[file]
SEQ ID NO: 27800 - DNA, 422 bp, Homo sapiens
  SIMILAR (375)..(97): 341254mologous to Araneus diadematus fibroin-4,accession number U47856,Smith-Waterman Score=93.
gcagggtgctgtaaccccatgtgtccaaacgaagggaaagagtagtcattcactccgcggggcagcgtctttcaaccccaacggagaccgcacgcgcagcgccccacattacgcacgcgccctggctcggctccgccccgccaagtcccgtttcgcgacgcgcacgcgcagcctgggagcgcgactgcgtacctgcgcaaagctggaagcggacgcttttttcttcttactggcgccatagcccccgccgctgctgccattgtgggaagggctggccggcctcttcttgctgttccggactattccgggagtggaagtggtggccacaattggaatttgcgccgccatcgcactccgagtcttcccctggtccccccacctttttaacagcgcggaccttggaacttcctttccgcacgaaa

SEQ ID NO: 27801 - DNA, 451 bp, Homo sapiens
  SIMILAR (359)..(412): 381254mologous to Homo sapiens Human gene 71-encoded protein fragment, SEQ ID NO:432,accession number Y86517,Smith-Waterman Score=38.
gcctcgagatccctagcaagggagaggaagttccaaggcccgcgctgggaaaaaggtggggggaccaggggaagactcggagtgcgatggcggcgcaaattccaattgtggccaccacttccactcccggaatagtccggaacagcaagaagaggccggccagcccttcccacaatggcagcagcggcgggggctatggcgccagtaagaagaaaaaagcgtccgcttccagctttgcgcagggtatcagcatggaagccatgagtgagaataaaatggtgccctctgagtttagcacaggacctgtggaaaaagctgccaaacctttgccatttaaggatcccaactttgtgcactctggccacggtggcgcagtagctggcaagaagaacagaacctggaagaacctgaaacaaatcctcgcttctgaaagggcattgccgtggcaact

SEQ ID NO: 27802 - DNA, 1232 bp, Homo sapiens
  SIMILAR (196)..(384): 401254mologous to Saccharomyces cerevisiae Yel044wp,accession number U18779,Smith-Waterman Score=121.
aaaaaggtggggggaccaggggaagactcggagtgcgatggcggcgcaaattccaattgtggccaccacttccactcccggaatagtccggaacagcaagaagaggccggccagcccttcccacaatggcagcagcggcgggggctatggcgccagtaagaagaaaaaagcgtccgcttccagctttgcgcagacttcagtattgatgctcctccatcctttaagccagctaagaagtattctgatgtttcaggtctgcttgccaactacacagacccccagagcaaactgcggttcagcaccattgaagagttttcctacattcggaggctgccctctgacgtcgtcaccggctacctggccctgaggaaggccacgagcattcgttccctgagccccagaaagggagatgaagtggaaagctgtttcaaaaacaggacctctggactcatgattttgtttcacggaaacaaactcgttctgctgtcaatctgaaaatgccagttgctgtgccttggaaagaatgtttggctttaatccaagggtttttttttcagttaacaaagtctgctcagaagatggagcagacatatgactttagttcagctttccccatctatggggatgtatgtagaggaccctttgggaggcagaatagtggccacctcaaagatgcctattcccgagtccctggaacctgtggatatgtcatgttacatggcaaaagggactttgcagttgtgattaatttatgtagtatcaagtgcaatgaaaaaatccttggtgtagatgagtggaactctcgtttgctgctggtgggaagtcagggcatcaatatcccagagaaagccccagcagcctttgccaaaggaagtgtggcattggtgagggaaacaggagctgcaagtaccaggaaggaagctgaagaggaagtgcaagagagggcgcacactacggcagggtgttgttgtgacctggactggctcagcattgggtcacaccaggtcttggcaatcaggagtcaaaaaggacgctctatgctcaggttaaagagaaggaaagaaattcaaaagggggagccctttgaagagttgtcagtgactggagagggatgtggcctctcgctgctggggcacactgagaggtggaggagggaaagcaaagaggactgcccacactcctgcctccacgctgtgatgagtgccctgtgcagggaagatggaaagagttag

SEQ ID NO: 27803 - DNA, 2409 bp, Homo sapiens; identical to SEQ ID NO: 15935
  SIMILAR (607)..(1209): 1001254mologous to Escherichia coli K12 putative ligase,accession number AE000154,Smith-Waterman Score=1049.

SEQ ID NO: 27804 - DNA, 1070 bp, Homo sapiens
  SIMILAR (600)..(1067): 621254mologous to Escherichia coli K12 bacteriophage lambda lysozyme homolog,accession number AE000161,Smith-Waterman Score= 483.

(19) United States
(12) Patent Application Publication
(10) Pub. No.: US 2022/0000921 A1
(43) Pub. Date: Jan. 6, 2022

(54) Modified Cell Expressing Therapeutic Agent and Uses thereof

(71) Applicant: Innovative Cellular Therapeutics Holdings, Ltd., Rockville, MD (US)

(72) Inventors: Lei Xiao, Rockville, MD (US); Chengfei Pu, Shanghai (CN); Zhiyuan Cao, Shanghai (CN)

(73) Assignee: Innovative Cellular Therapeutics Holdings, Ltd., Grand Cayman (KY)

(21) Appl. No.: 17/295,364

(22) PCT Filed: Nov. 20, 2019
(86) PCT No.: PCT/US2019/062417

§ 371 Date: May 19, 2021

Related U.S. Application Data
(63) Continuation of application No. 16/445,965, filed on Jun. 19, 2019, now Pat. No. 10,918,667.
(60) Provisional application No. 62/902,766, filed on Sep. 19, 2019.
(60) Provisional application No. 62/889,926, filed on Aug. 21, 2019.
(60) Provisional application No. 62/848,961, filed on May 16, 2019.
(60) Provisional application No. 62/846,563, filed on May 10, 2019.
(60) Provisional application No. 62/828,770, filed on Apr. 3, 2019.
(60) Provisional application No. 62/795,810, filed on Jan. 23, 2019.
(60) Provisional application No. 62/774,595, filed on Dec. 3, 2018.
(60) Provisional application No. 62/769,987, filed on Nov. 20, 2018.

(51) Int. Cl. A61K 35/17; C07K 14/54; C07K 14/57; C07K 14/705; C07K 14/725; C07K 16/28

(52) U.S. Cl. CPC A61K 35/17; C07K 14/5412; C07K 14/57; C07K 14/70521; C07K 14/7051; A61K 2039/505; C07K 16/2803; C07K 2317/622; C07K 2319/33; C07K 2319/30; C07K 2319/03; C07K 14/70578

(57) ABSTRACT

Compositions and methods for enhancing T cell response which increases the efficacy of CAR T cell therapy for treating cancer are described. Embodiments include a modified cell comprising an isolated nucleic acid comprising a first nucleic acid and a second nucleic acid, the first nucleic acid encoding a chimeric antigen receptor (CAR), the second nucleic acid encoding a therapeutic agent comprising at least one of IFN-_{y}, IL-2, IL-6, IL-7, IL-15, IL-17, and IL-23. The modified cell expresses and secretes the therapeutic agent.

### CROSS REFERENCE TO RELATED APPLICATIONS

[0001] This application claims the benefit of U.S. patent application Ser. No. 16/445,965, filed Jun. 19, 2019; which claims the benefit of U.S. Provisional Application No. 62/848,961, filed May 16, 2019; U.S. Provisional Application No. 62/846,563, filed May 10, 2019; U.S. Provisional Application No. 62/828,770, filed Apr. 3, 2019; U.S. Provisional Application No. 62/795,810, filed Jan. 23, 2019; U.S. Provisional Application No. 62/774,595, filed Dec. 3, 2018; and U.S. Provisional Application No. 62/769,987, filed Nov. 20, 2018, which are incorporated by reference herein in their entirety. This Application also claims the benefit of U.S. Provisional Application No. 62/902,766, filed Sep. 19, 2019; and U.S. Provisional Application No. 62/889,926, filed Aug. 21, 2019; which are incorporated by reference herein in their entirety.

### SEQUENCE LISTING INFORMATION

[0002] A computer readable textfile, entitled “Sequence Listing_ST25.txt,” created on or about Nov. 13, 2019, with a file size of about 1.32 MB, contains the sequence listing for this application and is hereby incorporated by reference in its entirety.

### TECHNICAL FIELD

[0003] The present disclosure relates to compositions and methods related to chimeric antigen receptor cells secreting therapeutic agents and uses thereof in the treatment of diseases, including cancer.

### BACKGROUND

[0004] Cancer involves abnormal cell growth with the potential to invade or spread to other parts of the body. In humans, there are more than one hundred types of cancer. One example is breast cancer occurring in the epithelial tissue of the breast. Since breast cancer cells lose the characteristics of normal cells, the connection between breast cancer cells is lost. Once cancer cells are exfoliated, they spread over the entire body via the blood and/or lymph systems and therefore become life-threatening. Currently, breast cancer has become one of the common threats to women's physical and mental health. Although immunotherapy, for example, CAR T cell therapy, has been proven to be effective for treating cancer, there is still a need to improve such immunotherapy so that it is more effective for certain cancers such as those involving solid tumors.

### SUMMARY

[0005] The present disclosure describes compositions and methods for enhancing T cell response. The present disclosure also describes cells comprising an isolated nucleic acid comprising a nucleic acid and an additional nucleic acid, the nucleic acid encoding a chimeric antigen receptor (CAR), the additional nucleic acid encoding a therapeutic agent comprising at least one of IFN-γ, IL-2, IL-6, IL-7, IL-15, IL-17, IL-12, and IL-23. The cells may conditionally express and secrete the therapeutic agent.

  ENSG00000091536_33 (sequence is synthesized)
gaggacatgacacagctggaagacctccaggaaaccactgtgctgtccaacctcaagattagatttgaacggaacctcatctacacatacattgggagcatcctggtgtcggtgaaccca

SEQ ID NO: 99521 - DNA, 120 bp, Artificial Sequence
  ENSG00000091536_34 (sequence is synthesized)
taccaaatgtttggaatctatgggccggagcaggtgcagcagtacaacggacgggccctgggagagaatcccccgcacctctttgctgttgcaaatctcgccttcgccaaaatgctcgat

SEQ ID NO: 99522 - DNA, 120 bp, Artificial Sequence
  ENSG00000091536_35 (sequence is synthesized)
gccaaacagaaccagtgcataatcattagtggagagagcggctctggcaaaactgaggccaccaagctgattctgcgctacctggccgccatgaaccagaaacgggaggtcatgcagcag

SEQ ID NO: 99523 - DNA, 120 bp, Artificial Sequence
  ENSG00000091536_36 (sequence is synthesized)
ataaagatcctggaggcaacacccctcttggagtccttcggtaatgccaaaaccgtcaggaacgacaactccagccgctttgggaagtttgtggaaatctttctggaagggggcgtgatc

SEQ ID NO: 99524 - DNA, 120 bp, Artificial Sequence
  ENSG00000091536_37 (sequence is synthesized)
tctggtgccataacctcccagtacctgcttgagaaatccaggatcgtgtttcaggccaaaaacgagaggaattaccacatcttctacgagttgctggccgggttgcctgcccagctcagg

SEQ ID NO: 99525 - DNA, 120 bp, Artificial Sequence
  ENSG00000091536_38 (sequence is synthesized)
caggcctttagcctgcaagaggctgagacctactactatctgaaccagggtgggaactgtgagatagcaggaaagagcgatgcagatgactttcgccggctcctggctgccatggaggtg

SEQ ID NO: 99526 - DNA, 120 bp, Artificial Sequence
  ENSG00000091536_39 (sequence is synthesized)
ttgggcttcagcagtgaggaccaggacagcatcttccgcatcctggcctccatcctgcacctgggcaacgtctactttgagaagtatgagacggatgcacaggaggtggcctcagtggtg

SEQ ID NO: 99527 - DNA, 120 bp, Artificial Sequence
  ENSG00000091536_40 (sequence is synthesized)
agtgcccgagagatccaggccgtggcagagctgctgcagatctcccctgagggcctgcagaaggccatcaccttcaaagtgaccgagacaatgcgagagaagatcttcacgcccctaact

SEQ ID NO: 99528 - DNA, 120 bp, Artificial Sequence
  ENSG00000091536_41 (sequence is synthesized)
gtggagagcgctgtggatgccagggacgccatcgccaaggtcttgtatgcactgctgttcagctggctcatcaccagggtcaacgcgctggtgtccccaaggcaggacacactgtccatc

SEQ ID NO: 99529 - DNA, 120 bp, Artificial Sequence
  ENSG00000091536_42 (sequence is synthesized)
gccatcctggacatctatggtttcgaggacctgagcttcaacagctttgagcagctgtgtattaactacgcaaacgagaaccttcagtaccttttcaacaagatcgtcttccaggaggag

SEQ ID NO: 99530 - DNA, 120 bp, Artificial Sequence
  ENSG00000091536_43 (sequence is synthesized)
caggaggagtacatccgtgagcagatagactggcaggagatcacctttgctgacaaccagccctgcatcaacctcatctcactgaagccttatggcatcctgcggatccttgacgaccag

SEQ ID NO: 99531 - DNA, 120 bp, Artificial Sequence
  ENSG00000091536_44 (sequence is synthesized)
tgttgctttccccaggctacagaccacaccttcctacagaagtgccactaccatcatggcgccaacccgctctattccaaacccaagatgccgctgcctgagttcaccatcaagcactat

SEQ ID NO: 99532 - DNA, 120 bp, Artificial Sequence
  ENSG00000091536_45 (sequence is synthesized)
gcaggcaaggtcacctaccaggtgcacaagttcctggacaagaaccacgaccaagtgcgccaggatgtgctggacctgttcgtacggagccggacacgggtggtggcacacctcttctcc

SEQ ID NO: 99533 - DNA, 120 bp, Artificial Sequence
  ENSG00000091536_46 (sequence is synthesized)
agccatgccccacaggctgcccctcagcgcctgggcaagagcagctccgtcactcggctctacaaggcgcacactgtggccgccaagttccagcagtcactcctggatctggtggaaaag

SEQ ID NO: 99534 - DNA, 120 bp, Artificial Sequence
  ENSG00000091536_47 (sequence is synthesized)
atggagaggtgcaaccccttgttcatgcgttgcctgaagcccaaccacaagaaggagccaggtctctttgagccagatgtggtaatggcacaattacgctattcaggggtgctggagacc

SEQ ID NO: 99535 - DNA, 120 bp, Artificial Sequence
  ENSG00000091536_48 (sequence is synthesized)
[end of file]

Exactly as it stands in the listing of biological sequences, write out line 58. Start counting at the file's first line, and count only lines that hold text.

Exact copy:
SEQ ID NO: 99523 - DNA, 120 bp, Artificial Sequence